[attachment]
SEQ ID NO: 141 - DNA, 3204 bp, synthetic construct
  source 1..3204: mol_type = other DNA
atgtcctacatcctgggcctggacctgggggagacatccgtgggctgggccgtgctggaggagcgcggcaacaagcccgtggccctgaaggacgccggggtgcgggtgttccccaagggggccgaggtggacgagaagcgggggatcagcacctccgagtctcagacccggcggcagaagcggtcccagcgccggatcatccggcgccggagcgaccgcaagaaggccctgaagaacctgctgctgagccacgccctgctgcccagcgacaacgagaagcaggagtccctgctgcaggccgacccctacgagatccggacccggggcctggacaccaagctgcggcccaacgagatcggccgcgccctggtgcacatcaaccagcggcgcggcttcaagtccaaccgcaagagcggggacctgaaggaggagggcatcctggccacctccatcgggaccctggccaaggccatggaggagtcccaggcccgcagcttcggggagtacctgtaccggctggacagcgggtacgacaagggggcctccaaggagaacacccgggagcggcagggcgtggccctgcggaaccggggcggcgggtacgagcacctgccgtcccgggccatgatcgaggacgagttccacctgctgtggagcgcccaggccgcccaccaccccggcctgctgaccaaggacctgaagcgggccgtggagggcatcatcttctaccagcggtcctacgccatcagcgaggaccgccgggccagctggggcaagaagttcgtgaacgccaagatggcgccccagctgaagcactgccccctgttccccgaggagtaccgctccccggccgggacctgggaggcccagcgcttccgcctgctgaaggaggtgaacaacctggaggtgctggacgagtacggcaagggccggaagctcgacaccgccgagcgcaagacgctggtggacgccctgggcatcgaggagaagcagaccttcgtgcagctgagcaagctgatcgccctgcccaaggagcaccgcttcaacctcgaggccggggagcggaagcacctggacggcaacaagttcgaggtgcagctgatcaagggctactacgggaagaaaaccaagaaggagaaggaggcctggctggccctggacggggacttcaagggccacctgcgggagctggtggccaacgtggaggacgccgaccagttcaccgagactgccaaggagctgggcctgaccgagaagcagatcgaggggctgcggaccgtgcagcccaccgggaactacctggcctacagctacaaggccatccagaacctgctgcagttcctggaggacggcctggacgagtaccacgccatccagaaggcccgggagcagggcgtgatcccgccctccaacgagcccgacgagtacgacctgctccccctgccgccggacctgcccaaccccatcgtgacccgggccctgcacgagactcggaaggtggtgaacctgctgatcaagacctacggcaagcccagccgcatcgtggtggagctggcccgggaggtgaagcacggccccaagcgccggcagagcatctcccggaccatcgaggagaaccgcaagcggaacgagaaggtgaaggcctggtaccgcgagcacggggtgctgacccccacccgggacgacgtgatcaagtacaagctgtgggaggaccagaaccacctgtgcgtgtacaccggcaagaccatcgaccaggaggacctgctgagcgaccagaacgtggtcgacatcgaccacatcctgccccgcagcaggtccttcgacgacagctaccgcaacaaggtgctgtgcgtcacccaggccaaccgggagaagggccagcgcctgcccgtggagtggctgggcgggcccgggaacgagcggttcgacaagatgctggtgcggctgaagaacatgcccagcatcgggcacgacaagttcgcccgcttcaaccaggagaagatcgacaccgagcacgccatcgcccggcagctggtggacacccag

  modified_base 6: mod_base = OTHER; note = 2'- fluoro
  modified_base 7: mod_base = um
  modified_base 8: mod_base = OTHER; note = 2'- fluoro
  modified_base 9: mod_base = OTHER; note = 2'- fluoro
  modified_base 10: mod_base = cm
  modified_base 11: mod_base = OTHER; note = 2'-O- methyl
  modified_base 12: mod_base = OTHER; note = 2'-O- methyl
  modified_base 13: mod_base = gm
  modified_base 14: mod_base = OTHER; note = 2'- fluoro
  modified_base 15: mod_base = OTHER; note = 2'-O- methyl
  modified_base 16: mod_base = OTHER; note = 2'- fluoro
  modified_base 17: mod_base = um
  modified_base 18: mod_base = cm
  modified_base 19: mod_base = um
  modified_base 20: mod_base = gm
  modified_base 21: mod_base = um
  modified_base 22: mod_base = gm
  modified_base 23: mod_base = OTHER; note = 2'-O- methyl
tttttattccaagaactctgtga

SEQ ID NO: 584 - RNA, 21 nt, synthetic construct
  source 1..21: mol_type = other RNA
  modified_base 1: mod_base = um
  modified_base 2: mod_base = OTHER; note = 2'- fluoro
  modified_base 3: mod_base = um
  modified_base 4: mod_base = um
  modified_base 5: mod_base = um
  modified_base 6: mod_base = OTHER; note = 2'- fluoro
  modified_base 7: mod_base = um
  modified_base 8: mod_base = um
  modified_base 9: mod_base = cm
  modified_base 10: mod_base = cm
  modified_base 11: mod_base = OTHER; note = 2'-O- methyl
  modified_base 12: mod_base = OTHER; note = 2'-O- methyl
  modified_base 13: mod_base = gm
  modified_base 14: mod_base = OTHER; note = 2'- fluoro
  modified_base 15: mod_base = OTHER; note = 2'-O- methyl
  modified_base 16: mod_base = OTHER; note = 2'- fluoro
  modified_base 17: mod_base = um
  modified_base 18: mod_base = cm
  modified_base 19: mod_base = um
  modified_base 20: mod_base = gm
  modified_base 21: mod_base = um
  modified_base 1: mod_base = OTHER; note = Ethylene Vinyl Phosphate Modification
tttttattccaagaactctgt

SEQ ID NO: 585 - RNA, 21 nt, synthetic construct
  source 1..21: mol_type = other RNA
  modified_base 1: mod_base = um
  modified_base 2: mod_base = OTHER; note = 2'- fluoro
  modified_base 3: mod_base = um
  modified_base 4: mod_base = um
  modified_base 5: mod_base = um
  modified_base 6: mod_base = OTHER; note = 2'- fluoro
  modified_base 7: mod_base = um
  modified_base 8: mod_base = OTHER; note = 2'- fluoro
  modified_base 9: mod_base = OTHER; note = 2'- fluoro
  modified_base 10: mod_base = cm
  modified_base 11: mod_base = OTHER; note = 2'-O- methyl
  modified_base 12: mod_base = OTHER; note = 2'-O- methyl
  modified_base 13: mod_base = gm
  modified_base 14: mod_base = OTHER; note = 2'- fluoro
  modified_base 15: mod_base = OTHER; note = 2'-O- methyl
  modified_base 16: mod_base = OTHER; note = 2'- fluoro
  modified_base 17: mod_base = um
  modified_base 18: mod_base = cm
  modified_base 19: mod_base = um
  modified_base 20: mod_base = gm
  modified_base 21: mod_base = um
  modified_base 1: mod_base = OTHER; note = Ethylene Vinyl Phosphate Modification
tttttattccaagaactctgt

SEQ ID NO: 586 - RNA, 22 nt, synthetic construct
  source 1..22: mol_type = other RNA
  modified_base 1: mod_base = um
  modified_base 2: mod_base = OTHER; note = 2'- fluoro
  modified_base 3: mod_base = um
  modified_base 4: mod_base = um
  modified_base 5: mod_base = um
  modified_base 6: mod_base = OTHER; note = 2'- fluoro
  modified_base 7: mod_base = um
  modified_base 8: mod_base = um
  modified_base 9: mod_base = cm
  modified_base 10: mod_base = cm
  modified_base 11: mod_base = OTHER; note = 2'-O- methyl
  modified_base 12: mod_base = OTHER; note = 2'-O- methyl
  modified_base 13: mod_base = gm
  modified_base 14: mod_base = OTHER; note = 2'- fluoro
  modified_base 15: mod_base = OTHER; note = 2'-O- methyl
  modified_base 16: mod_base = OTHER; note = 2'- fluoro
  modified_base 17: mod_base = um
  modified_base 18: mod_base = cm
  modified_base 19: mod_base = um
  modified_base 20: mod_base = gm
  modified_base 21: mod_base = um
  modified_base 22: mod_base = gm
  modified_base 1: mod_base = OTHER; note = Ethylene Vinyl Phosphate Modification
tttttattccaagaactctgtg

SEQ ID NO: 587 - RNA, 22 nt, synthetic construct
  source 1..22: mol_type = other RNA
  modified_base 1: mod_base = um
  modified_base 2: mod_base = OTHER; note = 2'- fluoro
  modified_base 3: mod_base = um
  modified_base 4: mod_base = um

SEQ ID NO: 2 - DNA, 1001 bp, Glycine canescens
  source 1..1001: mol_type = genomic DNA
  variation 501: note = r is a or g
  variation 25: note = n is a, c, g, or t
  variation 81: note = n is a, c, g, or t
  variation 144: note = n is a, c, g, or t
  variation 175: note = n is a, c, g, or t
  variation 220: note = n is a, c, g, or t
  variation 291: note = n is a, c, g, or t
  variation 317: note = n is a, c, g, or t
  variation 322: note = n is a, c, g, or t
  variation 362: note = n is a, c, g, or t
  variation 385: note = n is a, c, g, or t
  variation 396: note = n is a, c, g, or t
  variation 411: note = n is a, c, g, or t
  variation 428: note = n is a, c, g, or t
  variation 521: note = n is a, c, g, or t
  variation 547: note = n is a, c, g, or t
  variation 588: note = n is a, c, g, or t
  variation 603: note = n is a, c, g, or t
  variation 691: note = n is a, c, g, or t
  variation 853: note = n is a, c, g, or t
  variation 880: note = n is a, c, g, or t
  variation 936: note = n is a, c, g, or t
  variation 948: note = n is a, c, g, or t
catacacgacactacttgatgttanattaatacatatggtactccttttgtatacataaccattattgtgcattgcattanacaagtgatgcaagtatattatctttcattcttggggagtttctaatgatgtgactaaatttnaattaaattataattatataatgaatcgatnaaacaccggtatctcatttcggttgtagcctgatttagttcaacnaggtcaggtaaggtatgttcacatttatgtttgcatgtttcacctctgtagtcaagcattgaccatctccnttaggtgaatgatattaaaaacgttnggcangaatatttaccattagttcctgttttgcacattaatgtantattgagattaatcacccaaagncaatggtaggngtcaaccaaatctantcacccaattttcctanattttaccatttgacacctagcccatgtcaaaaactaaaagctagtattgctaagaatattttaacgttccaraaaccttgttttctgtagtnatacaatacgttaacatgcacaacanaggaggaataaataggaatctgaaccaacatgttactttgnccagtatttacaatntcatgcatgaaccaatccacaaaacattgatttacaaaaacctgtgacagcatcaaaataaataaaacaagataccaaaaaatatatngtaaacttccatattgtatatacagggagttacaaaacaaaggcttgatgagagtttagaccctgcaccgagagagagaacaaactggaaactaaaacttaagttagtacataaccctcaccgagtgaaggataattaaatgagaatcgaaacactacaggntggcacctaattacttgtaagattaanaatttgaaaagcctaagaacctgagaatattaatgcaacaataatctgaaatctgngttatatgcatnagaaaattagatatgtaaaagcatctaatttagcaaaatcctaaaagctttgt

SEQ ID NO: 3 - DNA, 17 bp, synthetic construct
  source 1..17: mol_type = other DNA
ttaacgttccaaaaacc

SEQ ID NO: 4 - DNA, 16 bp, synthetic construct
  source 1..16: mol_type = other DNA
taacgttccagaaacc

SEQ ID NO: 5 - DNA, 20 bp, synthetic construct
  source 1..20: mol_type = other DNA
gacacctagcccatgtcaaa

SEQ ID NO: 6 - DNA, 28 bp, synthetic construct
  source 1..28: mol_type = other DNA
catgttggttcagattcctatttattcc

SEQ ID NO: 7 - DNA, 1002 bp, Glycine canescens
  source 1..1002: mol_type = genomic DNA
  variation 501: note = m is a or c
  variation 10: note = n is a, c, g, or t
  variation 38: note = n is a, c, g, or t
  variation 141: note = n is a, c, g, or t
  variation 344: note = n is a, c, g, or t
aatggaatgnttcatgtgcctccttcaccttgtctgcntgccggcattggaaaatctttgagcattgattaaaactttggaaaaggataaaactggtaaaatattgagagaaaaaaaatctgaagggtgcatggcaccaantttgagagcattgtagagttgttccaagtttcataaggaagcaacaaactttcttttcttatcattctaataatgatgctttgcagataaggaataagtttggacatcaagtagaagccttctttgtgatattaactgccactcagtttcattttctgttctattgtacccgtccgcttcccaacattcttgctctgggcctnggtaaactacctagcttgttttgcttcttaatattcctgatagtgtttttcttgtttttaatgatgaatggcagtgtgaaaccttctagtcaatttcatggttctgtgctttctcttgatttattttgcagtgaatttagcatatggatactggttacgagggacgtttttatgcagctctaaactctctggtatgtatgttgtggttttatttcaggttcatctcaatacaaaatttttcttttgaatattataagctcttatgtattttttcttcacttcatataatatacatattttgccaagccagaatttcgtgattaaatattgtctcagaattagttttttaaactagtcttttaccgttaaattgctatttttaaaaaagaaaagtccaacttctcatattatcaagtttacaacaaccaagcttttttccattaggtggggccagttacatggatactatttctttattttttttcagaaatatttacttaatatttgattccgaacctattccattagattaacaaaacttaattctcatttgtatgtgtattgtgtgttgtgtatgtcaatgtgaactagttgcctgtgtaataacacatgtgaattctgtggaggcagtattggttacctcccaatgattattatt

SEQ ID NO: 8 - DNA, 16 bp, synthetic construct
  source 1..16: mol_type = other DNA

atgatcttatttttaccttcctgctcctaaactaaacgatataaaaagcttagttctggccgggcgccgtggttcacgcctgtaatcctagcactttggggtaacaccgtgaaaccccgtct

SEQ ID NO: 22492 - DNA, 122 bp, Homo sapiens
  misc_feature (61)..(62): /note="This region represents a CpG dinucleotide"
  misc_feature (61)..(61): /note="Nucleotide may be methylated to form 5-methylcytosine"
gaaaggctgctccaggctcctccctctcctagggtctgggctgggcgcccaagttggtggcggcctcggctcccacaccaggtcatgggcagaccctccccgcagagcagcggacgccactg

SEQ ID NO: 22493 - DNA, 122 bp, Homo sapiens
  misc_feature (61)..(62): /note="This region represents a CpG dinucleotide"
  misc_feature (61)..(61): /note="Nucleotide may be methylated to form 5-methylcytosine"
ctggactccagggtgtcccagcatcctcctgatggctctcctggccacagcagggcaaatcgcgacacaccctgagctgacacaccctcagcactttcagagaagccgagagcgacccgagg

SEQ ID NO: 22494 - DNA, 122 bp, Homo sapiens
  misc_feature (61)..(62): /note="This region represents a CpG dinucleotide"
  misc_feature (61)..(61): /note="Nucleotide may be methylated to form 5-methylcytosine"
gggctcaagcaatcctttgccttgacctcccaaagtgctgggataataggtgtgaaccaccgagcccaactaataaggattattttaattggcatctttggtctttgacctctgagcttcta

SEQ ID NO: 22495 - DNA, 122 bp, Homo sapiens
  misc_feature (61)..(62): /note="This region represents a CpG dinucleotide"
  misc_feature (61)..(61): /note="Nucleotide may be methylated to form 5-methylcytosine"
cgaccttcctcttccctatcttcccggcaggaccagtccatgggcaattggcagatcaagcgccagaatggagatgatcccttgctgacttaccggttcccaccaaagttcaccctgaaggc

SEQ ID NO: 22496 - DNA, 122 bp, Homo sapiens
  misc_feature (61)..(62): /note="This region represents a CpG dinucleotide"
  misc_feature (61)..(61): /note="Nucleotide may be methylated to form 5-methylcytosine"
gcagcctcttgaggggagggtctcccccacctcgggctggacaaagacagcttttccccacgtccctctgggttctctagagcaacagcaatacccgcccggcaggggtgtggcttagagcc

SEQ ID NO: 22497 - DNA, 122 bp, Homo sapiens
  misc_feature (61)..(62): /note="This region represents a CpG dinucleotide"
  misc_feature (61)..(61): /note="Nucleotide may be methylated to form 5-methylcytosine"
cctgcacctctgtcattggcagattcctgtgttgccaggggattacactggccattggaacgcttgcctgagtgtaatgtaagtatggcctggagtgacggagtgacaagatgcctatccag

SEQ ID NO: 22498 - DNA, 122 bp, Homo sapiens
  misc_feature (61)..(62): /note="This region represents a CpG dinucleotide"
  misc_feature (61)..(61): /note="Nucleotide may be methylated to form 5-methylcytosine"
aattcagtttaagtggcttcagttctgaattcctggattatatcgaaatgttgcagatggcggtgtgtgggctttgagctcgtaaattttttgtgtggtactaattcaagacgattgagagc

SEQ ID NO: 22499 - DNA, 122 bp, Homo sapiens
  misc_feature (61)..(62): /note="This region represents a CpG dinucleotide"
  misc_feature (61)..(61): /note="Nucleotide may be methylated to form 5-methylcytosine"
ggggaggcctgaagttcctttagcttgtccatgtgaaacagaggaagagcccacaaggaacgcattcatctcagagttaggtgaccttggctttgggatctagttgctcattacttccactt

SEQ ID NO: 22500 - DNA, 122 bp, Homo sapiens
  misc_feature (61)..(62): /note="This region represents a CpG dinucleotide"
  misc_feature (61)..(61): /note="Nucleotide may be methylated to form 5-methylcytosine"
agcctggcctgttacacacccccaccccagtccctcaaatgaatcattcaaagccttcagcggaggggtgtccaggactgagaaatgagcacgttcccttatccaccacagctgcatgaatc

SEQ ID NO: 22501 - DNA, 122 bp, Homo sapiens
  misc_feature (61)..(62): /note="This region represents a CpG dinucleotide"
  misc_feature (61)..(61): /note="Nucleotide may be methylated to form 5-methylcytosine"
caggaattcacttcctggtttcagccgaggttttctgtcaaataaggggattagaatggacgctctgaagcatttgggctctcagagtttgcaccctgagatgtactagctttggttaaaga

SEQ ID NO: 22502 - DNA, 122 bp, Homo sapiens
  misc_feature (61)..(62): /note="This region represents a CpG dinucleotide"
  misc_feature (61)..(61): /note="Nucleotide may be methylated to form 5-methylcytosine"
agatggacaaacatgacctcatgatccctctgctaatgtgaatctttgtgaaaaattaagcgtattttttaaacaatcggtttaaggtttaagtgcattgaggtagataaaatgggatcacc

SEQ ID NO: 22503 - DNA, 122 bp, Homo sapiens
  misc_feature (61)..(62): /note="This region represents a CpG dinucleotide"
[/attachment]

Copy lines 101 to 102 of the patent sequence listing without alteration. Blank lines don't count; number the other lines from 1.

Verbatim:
  modified_base 1: mod_base = um
  modified_base 2: mod_base = OTHER; note = 2'- fluoro